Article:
As musician in residence for the United Mine Workers of America, Tom’s songs were instrumental in winning back the pensions and health benefits of 18,000 retired coal miners in 2013. Tom crafted songs that reflected the struggles of these retirees and traveled and performed for tens of thousands across the U.S. at their Fairness at Patriot rallies. The UMWA continues to rely on Breiding to deliver poignant and topical compositions today, and so do others from the AFL-CIO to grass roots organizers like Karen Gorrell, his home state’s modern day Mother Jones.
Tom’s work with the Appalachian Institute in his hometown of Wheeling, has led him, guitar in tow, into the coal towns and backroads of “West by God Virginia.” His songs echo the stories of men and women whom he has known. They tell the stories that history has all but forgotten — stories that sink so deep into a person’s psyche that they have to be told again; in Tom’s case, through song. They are the often forgotten tales from the coal camps of Colorado, the mountains and hollows of West Virginia and the abandoned, decaying city streets of Ohio River steel towns.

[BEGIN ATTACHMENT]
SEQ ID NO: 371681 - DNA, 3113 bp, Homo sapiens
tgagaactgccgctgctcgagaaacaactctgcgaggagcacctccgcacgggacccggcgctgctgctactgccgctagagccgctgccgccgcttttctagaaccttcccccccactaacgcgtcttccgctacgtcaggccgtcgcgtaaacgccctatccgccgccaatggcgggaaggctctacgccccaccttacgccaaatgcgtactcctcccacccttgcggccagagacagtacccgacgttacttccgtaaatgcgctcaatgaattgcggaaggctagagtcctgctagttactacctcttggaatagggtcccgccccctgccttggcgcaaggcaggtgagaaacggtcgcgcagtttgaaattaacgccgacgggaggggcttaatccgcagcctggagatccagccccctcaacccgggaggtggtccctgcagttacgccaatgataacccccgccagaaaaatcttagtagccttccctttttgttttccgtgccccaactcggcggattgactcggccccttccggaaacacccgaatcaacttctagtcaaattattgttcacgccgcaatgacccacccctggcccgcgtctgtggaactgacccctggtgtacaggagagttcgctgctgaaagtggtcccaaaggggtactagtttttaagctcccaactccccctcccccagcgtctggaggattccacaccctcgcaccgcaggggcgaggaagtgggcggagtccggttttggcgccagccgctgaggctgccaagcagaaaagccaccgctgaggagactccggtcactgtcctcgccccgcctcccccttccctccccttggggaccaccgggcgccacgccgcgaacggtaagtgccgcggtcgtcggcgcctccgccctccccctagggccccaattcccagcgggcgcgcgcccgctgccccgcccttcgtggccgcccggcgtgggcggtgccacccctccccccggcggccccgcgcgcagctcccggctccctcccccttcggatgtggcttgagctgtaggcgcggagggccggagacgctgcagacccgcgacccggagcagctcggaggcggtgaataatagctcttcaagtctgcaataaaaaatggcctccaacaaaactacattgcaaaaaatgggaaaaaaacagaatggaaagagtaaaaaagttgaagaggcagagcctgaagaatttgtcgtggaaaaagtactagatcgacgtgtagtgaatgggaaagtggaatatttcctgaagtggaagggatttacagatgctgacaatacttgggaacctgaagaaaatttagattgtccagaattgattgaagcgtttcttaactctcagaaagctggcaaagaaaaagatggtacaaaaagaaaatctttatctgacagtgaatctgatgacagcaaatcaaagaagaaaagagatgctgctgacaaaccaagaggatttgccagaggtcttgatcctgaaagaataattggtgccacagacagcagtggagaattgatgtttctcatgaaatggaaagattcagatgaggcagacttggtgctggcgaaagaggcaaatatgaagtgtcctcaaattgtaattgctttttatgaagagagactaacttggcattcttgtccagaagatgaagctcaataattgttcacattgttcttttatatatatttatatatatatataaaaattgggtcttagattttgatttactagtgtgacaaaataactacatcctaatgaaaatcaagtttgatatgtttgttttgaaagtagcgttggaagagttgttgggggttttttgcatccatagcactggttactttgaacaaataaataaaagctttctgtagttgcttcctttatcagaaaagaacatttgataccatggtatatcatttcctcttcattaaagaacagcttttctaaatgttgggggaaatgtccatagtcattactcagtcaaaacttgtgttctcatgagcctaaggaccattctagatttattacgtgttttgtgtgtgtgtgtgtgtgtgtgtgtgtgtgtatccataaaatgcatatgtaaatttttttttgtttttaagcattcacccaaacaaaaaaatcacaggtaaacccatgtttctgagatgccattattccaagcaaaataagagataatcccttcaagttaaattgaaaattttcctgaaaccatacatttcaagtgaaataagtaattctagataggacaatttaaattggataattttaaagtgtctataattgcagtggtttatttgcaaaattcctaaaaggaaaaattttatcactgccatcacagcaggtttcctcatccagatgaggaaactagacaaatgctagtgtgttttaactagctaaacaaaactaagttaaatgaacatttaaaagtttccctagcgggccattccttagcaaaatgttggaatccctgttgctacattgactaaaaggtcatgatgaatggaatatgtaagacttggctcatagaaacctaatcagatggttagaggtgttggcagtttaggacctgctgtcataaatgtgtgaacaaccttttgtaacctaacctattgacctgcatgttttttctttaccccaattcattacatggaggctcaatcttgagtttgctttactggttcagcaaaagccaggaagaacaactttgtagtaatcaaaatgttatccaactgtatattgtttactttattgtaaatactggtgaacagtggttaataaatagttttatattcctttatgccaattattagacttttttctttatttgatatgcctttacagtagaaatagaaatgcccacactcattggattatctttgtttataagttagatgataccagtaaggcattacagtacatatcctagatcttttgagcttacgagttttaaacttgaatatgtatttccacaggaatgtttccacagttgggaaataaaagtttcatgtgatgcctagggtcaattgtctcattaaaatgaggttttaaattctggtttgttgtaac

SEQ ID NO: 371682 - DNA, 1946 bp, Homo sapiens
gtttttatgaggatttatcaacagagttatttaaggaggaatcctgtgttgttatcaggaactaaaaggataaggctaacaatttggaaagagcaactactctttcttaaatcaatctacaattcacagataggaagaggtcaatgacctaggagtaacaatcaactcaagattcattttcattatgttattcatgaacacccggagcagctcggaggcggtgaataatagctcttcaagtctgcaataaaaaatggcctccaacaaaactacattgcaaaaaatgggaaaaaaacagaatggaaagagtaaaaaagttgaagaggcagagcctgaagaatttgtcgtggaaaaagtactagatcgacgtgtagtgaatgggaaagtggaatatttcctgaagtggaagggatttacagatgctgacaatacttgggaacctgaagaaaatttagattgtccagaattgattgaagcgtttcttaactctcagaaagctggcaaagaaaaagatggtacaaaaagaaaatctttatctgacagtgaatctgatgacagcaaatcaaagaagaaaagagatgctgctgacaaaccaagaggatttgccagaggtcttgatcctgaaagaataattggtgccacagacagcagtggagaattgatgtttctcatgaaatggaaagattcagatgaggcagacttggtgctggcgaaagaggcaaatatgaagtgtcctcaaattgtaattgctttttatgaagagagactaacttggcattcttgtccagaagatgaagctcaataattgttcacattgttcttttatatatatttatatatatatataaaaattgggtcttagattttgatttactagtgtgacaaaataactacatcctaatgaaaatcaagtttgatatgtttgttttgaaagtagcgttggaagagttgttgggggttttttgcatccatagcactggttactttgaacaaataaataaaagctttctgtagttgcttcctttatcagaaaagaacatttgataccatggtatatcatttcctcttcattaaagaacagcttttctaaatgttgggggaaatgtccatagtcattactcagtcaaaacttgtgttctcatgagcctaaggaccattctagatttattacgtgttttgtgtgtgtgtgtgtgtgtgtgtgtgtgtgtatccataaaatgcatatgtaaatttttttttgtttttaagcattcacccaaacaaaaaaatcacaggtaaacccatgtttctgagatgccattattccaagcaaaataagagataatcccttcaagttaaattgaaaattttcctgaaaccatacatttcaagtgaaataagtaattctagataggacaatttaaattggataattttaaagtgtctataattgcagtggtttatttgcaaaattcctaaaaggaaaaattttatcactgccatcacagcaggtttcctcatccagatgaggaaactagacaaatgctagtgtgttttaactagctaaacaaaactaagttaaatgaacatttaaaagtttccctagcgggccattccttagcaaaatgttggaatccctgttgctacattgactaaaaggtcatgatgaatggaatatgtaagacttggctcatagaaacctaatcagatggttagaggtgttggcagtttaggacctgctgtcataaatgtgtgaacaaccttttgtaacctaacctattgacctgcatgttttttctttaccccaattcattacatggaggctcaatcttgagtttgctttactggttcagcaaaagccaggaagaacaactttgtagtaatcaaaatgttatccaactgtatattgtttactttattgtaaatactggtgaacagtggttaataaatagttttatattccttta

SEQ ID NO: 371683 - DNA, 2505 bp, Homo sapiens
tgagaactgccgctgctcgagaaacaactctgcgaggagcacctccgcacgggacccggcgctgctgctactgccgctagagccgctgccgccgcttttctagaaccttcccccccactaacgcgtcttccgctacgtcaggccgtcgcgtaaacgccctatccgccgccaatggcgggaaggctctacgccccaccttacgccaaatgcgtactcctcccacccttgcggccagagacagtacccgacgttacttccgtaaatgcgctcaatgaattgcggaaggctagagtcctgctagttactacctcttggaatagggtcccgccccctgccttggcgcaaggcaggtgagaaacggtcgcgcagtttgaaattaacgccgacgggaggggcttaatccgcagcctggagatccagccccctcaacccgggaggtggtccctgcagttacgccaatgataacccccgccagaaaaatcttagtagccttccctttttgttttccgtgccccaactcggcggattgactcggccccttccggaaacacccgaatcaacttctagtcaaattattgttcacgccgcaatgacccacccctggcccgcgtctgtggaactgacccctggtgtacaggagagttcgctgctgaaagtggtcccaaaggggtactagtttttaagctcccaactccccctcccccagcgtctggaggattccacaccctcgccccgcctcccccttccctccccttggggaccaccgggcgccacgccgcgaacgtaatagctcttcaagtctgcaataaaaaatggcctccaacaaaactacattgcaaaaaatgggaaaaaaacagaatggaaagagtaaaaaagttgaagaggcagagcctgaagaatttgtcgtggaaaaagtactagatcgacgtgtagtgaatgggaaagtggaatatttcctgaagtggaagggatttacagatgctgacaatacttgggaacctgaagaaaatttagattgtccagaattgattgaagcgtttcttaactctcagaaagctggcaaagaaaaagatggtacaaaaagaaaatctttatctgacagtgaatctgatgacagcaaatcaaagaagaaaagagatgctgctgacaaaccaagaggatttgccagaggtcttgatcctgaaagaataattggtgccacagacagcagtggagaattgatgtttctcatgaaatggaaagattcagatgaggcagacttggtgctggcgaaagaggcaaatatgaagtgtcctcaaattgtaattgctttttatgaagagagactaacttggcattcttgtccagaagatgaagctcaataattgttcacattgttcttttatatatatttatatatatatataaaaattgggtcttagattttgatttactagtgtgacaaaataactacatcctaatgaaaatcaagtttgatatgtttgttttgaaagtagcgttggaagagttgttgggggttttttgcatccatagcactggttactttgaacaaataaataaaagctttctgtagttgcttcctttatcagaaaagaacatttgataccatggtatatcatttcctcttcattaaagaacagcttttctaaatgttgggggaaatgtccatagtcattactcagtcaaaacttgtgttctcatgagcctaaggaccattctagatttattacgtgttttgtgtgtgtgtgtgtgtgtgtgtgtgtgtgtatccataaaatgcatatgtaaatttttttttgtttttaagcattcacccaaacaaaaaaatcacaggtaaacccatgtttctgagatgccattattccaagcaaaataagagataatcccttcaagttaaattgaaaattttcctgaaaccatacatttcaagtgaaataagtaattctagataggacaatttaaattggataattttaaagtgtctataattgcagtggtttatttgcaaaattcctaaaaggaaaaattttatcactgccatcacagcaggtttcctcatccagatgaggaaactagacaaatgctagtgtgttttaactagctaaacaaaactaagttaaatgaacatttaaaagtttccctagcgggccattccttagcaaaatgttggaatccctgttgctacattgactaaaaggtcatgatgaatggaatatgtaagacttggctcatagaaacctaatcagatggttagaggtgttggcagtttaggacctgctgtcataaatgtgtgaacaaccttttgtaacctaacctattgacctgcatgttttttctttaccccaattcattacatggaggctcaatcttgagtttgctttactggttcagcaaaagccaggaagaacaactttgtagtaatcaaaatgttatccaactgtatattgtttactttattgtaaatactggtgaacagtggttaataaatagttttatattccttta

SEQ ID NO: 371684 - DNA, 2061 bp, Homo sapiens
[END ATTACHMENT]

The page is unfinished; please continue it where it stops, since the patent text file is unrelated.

Tom’s music reflects his admiration of his home state, his respect for the triumphs, hardships and dedication of the labor movement, and for the lives of those whose work produces the energy that has powered this nation’s progress and expansion for over two centuries. His songs reflect the tension, apprehension and joy of a region where hard work, family and honest living are the markers of a life well lived. Where others glorify the honest, hard-working man with ballads of beer and heartache, Tom’s music makes apparent a distinction between the distant idealization of the working man and the real life of the working man; the distinction between country — and coal country.